Additionally, the revelations elevate the themes that the book explores. When Waters says that "there was once a time when we had walked apart, and then a time when we walked together", she makes room for abstractions. This is first, for many people, an identifiable feeling. Fingersmith explores not just whether things are what they seem, but the ways in which any relationships between women were impacted by the [specifically] Victorian patriarchy. So, unfortunately, the twists are likely.
In a narrative that is dark in a different way, the game, Outer Wilds is also well-known for its twists. However, this game set itself up for twists to occur. The player character is stuck in a time loop in the solar system, trying to uncover and retain information about an extinct race called the Nomai. The player character is unnamed, we do not know their physical characteristics except through what we can control, we don't know their likes and dislikes. We do not know this character except that we play as them. The medium of the video game can usually get away with this easily as we are inclined to fill in the gap by making the player character a version of ourselves.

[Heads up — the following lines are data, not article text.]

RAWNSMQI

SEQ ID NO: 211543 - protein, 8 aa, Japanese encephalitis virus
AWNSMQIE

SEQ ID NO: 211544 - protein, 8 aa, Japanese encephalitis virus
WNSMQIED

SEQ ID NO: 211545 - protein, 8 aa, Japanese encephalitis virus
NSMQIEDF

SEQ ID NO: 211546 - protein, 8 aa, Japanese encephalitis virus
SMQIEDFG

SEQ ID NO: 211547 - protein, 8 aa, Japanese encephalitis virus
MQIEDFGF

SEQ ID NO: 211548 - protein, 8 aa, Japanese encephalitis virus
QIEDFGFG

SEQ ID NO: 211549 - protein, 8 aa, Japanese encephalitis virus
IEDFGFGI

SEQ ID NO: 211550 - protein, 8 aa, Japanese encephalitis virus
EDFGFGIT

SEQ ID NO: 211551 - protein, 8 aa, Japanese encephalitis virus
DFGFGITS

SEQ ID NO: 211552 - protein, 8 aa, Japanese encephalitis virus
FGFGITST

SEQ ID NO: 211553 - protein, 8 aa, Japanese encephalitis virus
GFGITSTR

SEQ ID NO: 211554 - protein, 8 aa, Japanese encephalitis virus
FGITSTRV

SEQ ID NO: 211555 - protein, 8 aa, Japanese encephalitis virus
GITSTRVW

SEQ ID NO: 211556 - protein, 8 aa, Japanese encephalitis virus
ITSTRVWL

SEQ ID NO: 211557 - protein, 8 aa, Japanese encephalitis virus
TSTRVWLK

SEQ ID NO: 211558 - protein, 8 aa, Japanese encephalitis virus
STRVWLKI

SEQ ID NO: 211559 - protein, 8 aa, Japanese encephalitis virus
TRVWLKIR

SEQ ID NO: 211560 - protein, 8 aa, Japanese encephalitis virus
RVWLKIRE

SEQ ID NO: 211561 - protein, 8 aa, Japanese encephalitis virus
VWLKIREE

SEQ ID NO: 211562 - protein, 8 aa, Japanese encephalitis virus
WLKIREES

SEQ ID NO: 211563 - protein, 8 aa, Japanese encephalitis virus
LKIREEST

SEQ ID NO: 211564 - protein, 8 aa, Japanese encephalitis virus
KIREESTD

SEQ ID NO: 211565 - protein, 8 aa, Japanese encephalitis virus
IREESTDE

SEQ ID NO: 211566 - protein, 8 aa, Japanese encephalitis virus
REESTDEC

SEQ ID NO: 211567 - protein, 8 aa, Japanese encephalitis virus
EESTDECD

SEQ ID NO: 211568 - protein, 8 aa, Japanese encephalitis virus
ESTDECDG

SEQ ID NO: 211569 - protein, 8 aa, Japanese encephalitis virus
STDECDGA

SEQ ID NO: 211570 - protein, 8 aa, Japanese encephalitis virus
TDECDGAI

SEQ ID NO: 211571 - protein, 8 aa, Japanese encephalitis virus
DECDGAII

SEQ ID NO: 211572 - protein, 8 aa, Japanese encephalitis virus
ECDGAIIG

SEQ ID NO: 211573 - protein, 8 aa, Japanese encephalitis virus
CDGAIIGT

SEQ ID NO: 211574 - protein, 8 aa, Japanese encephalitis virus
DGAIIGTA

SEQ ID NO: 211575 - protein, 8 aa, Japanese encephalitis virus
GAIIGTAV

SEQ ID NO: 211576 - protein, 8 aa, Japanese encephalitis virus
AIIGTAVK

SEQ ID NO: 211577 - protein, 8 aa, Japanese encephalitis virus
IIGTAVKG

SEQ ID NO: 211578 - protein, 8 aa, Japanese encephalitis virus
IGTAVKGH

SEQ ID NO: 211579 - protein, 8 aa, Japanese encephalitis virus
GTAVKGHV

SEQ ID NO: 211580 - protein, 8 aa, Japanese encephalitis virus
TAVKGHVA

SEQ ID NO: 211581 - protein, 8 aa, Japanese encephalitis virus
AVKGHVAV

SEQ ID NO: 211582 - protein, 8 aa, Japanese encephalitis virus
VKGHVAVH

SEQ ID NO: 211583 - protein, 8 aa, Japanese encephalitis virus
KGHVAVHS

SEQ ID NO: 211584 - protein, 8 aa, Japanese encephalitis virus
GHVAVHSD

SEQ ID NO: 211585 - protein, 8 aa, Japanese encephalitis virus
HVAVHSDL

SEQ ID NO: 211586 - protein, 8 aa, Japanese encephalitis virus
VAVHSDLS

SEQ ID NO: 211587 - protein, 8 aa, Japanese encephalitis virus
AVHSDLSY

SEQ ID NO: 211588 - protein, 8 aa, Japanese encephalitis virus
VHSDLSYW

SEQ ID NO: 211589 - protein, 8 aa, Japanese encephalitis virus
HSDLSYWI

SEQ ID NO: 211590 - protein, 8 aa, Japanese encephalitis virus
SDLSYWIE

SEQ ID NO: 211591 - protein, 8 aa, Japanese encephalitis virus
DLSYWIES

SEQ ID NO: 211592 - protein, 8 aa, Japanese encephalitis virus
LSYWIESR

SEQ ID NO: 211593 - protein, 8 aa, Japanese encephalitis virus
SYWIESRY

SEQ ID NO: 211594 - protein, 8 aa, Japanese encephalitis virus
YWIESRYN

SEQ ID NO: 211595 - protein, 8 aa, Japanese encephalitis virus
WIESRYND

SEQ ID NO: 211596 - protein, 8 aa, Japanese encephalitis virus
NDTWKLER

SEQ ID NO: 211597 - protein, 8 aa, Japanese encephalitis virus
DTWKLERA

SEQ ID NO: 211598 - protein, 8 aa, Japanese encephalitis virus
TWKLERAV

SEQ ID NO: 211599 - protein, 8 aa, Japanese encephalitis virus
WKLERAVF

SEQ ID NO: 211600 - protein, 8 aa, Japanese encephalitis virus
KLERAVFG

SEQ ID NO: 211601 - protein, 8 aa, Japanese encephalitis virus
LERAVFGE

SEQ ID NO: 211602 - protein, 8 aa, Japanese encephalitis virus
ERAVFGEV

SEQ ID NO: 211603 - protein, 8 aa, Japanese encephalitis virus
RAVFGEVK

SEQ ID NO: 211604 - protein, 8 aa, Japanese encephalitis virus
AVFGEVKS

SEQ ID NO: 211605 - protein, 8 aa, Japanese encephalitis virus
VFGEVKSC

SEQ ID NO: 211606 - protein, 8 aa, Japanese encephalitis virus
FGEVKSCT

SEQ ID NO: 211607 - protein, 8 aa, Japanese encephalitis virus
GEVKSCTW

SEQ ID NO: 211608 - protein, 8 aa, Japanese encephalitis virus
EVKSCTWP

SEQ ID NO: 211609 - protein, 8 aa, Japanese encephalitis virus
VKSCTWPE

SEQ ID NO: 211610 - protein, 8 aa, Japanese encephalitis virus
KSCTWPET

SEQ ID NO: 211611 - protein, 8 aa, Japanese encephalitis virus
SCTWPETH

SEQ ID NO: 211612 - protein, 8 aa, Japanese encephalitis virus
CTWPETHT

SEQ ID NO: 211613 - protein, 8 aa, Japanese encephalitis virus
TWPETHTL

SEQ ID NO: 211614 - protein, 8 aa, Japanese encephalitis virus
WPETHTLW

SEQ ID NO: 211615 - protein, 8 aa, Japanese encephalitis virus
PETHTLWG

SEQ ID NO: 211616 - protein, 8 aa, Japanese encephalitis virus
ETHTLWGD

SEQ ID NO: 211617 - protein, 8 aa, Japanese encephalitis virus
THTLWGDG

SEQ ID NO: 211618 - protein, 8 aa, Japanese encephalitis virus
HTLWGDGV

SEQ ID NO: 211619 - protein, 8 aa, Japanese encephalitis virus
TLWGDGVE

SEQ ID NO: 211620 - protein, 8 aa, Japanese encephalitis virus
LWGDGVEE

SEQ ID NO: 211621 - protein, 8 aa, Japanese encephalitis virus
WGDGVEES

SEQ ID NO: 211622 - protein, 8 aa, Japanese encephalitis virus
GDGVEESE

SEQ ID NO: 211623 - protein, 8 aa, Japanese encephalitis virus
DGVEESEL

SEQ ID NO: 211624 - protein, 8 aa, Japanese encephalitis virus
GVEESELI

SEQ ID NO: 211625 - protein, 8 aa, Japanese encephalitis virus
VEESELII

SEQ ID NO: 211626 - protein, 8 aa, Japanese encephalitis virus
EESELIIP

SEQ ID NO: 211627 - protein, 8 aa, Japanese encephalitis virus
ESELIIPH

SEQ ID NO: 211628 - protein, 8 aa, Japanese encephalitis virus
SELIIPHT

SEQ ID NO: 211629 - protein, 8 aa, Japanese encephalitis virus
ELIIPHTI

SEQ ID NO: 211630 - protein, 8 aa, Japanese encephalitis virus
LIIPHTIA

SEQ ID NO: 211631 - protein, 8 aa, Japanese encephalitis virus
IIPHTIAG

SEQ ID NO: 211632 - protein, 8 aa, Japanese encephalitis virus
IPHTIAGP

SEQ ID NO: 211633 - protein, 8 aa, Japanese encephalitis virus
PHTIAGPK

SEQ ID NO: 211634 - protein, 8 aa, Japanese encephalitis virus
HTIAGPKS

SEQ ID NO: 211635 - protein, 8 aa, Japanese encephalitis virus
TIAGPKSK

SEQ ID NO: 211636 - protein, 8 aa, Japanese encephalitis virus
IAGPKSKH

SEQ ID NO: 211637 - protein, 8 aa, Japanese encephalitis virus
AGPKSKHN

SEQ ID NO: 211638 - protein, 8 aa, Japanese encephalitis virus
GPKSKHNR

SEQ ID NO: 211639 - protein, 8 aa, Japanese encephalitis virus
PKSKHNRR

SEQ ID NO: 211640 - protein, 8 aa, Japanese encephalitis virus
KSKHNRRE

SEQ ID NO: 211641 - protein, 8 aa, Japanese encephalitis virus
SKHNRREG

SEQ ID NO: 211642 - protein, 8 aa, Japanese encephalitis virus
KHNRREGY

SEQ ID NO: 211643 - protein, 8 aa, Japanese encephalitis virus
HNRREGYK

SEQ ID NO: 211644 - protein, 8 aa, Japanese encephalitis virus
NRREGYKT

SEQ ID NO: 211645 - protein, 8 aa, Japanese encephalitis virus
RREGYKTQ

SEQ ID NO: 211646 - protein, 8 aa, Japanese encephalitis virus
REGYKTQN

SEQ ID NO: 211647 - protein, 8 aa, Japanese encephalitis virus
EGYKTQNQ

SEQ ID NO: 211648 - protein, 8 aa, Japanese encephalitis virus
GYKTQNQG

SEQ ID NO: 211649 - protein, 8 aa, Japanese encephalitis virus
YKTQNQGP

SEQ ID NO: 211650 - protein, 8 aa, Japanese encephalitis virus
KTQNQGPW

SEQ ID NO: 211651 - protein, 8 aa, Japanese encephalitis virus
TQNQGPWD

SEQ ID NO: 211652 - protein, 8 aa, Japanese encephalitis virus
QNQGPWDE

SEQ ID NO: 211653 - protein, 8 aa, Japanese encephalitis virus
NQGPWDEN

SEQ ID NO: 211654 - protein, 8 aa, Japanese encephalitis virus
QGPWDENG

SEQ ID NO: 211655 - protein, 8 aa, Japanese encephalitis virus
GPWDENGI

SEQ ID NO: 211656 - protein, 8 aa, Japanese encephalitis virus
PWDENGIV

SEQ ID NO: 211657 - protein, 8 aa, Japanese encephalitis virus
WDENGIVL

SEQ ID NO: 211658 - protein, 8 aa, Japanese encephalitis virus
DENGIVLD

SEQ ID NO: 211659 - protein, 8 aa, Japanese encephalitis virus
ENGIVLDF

While an underutilized strategy, it is possible to have a protagonist like this in the novel (see The Road by Cormac McCarthy).
Like Fingersmith, Outer Wilds wrote its twists thoughtfully, uplifting the themes of its story. Even though the player is a "blank slate" and ready to take in any narrative and accept it as the world's truth, the game does not take advantage of that. Each twist is expected and made feasible, especially with hindsight.
"The pain of your absence is sharp and haunting, and I would give anything not to know it; anything but never knowing you at all (which would be worse)" (Beauchum, 2019).
Once again, these feelings are readily identifiable, and the word choice is careful and succinct. The Nomai have lived experiences in which deep, significant bonds exist. This story element is meant to bolster the player character's motivation to preserve the Nomai's memory though is not, by any means, the only motive.